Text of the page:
Timeouts for Oracle XA datasources in JBoss EAP 6

The documentation for configuring datasources in JBoss EAP 6 is somewhat lacking when it comes to timeouts. Normally this is fine, but what if there are network issues? With the wrong timeout settings the application can hang until it is killed and restarted. With proper timeouts it can handle an outage and recover.

Here is an example:


<xa-datasource jndi-name="java:/AppDS" pool-name="AppDS">
  <xa-datasource-property name="URL">
    ${appdb.url}
  </xa-datasource-property>
  <xa-datasource-property name="nativeXA">true</xa-datasource-property>
  <xa-datasource-property name="ConnectionProperties">
    oracle.jdbc.ReadTimeout=330000
  </xa-datasource-property>
  <xa-datasource-class>
    oracle.jdbc.xa.client.OracleXADataSource
  </xa-datasource-class>
  <driver>oracle</driver>
  <security>
    <user-name>${appdb.user}</user-name>
    <password>${appdb.password}</password>
  </security>
  <xa-pool>
    <min-pool-size>${appdb.min.pool.size}</min-pool-size>
    <max-pool-size>${appdb.max.pool.size}</max-pool-size>
    <prefill>false</prefill>
    <use-strict-min>false</use-strict-min>
    <flush-strategy>FailingConnectionOnly</flush-strategy>
    <is-same-rm-override>false</is-same-rm-override>
    <no-tx-separate-pools/>
    <pad-xid>true</pad-xid>
    <wrap-xa-resource>true</wrap-xa-resource>
  </xa-pool>
  <validation>
    <valid-connection-checker class-name=
      "org.jboss.jca.adapters.jdbc.extensions.oracle.OracleValidConnectionChecker"/>
    <stale-connection-checker class-name=
      "org.jboss.jca.adapters.jdbc.extensions.oracle.OracleStaleConnectionChecker"/>
    <exception-sorter class-name=
      "org.jboss.jca.adapters.jdbc.extensions.oracle.OracleExceptionSorter"/>
  </validation>
  <timeout>
    <blocking-timeout-millis>60000</blocking-timeout-millis>
    <xa-resource-timeout>310</xa-resource-timeout>
    <query-timeout>300</query-timeout>
    <set-tx-query-timeout/>
  </timeout>
  <statement>
    <track-statements>false</track-statements>
  </statement>
  <recovery no-recovery="false">
    <recover-credential>
      <user-name>${appdb.user}</user-name>
      <password>${appdb.password}</password>
    </recover-credential>
  </recovery>
</xa-datasource>

The oracle.jdbc.ReadTimeout is essential. It sets the network timeout on the socket, making reads time out eventually in the face of a broken connection. The default TCP timeout for established connections is very long, so it is important to set a value. It should be larger than the transaction timeouts. The query timeout and tx-query-timeout both limit the time that individual statements can take. The query timeout is used when there is no transaction, otherwise the remaining time until transaction timeout is used.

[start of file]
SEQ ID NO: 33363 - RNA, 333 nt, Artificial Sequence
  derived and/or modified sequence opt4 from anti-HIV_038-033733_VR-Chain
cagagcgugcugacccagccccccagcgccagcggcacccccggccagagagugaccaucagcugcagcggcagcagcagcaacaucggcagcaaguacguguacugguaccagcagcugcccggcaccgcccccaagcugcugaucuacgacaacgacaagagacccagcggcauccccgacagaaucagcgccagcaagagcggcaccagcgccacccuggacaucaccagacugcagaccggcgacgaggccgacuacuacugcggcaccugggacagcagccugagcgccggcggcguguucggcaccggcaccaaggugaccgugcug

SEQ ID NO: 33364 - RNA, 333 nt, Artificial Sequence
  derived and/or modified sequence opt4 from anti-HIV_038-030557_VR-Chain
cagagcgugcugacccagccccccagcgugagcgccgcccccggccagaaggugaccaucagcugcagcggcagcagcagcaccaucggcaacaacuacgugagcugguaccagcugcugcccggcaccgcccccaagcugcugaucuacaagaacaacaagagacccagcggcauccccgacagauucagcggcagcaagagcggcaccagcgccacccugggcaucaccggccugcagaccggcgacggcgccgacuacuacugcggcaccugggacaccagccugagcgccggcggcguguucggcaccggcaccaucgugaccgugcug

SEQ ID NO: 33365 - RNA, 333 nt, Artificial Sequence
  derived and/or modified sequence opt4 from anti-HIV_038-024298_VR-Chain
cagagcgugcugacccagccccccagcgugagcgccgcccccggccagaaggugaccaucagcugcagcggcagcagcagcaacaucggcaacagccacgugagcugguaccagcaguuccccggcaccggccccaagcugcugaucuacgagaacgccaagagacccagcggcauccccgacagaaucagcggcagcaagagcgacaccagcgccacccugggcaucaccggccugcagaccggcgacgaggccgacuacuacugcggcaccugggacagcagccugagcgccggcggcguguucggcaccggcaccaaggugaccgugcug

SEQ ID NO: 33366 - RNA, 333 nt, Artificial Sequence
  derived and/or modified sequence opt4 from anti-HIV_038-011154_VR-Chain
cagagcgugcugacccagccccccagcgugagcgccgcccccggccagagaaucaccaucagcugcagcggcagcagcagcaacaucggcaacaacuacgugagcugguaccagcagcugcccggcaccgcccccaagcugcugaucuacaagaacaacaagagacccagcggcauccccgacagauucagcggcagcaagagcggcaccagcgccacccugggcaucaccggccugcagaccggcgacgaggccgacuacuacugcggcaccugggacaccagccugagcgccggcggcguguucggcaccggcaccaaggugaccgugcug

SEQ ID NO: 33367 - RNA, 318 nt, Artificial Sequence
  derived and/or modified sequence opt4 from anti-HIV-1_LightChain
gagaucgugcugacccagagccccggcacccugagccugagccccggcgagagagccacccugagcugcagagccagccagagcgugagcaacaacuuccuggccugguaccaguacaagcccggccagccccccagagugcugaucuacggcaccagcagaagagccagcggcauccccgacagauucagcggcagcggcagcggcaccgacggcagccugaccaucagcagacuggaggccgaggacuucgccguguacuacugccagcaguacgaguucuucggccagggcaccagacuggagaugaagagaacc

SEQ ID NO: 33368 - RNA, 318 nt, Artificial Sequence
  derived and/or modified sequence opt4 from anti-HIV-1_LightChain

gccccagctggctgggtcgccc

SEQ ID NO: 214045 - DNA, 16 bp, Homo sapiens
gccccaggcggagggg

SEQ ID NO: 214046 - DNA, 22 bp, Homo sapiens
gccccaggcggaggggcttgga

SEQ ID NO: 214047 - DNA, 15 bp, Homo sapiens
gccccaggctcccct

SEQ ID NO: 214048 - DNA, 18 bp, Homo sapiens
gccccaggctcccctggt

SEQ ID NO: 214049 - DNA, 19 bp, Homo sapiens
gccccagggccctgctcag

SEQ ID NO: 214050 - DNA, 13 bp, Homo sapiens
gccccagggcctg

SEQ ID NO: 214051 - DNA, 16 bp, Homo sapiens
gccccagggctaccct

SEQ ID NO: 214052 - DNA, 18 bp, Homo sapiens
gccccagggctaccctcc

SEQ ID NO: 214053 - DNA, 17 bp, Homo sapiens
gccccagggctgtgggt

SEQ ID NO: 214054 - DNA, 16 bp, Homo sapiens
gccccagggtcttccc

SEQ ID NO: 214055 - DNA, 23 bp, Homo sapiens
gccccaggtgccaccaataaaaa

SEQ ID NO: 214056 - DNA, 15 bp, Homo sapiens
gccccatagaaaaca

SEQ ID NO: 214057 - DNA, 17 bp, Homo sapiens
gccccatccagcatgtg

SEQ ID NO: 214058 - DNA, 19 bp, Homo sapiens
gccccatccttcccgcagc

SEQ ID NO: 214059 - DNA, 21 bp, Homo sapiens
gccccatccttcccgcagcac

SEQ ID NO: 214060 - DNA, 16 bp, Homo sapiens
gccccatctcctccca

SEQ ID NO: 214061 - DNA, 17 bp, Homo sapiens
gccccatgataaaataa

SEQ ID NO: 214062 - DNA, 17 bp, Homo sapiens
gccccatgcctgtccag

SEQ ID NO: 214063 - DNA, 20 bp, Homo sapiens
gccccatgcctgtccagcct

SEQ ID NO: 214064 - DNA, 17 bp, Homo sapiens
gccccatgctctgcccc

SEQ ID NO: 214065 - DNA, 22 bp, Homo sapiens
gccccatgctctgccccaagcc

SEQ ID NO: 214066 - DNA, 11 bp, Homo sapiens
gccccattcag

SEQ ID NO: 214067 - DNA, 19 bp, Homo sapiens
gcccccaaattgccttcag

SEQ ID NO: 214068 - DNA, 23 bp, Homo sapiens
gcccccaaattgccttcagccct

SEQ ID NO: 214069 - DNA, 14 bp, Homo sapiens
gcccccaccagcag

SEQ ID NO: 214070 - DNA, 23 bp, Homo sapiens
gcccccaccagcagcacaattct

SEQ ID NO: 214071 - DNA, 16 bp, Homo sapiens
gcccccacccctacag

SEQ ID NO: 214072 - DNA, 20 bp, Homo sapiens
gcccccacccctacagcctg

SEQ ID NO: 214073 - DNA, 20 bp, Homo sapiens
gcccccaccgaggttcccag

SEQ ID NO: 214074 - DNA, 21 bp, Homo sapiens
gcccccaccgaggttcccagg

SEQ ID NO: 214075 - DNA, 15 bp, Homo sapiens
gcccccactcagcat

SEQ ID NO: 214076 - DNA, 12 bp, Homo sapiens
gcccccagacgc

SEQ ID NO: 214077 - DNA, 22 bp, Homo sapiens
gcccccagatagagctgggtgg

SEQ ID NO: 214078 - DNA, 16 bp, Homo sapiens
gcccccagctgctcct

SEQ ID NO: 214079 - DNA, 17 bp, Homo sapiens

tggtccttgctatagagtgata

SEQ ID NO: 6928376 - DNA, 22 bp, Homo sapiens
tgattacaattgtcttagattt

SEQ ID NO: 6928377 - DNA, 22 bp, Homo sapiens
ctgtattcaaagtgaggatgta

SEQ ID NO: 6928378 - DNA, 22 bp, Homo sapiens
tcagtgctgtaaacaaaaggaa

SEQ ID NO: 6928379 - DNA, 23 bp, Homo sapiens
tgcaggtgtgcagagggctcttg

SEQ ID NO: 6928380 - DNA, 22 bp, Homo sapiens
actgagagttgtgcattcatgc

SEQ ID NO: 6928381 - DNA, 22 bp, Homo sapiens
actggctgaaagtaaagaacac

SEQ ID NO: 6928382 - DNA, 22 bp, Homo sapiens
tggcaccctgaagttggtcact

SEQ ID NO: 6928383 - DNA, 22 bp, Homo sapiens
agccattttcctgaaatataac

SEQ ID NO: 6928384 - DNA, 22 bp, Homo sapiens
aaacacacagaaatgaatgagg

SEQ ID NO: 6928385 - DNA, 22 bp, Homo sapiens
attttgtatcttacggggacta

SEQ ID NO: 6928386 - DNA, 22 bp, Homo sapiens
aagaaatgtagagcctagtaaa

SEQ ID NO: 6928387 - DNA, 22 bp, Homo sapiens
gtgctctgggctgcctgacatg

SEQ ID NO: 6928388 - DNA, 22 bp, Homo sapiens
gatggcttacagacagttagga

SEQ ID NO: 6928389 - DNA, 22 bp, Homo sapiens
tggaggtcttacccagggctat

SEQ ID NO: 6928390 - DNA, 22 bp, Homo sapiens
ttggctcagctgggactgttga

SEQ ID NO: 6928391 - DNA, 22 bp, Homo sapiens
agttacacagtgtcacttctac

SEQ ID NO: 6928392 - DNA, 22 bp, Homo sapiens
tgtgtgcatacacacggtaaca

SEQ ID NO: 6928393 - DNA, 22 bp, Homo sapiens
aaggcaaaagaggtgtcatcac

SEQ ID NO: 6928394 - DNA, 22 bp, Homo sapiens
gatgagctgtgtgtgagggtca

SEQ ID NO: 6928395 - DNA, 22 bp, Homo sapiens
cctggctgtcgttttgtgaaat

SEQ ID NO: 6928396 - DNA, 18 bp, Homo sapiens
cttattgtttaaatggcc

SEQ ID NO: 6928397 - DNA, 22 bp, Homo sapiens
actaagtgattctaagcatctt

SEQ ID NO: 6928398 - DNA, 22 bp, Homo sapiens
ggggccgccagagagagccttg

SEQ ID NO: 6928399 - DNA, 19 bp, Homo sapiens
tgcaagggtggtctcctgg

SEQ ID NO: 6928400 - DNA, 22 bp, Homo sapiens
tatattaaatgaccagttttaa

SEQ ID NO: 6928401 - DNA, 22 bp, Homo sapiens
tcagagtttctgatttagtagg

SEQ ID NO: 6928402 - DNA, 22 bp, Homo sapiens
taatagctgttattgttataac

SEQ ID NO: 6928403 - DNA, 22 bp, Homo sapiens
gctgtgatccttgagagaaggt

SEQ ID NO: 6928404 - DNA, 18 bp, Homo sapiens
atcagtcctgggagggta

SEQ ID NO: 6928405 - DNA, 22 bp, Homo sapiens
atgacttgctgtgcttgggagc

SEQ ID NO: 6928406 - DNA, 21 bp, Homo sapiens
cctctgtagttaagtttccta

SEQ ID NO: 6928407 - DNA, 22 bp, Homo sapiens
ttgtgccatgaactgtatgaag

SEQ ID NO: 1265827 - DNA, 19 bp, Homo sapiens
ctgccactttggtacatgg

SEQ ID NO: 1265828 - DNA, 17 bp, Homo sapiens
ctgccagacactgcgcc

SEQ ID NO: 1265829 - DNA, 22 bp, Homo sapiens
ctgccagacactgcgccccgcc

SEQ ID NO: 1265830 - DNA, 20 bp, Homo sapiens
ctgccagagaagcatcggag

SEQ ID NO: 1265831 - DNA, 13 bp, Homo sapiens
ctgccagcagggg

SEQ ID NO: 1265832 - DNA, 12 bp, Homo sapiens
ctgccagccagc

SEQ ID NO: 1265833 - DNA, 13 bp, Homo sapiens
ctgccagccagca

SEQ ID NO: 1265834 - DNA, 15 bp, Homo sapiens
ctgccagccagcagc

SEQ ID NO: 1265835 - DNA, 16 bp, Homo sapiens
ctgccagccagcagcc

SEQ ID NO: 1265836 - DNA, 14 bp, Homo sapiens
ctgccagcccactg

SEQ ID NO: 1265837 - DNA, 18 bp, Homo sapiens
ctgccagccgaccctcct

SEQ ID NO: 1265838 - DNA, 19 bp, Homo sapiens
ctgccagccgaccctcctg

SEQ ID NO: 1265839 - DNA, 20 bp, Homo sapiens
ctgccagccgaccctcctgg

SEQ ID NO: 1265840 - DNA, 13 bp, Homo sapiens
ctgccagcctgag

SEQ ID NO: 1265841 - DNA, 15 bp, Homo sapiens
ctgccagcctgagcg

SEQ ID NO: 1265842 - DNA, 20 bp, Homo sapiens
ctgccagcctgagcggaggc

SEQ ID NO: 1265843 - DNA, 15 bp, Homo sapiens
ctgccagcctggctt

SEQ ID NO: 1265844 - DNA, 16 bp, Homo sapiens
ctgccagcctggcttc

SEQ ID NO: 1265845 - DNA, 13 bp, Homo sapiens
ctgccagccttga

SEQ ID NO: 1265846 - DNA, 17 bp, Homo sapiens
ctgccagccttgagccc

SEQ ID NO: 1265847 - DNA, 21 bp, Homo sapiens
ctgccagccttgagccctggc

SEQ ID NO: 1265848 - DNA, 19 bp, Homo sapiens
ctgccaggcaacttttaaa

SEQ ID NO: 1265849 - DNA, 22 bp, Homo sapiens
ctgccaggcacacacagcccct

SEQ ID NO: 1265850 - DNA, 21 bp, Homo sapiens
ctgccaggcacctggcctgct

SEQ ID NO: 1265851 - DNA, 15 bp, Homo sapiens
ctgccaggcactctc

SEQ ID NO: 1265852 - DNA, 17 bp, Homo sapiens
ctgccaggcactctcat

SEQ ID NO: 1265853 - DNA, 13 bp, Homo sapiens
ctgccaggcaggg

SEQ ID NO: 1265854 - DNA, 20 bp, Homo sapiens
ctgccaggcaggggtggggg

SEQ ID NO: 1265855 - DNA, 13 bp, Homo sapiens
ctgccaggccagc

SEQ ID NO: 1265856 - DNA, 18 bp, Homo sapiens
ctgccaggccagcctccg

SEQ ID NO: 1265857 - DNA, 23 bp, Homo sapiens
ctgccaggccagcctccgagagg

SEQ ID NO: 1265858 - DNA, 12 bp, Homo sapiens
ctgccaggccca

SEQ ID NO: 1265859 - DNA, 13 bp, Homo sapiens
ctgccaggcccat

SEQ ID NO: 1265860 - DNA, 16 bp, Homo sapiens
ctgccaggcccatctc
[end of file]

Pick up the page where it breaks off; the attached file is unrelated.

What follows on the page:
Note that read timeout is in milliseconds, query timeout is in seconds.

Categories: Oracle, Java, Networking

Compression ratio and time for common tools

One application I’m working with produces horrendous amounts of log files. They are so large that the process of compressing them and moving them to another server actually has a performance impact on the system in spite of nice and ionice. I decided to compare the most common compression tools. At home I’m using bzip2, as I want the best possible compression ratio. Would that be a good idea?

Compression ratio and time

As the table shows bzip2 is frightfully expensive, but it does produce small files. In addition it makes a big difference if gzip is told to optimize for speed (1) or compression (9), or if it runs at the default level (6). Compress is basically an outdated tool and was included as it is sometimes quoted as being faster than gzip. Here that was not the case.

Categories: Linux

Disable bloatware on Xperia Z5 compact

I recently bought a new phone, the Xperia Z5 compact. It has its strengths and weaknesses. In particular, why do vendors insist on crippling their devices with irritating bloatware?

The Xperia comes with Movie Creator, an app that runs in the background to create meaningless movies from photos. It is about as irritating as Microsoft’s old Clippy. Fortunately it is possible to get rid of the app, even though it can’t be uninstalled. Go to Settings, Apps, All and select Movie Creator. Delete any data it has amassed and then click on disable. That prevents the app from starting. It also removes the icon.

The same procedure should work for other unwanted bundled apps.

Categories: Android

Stupid network issues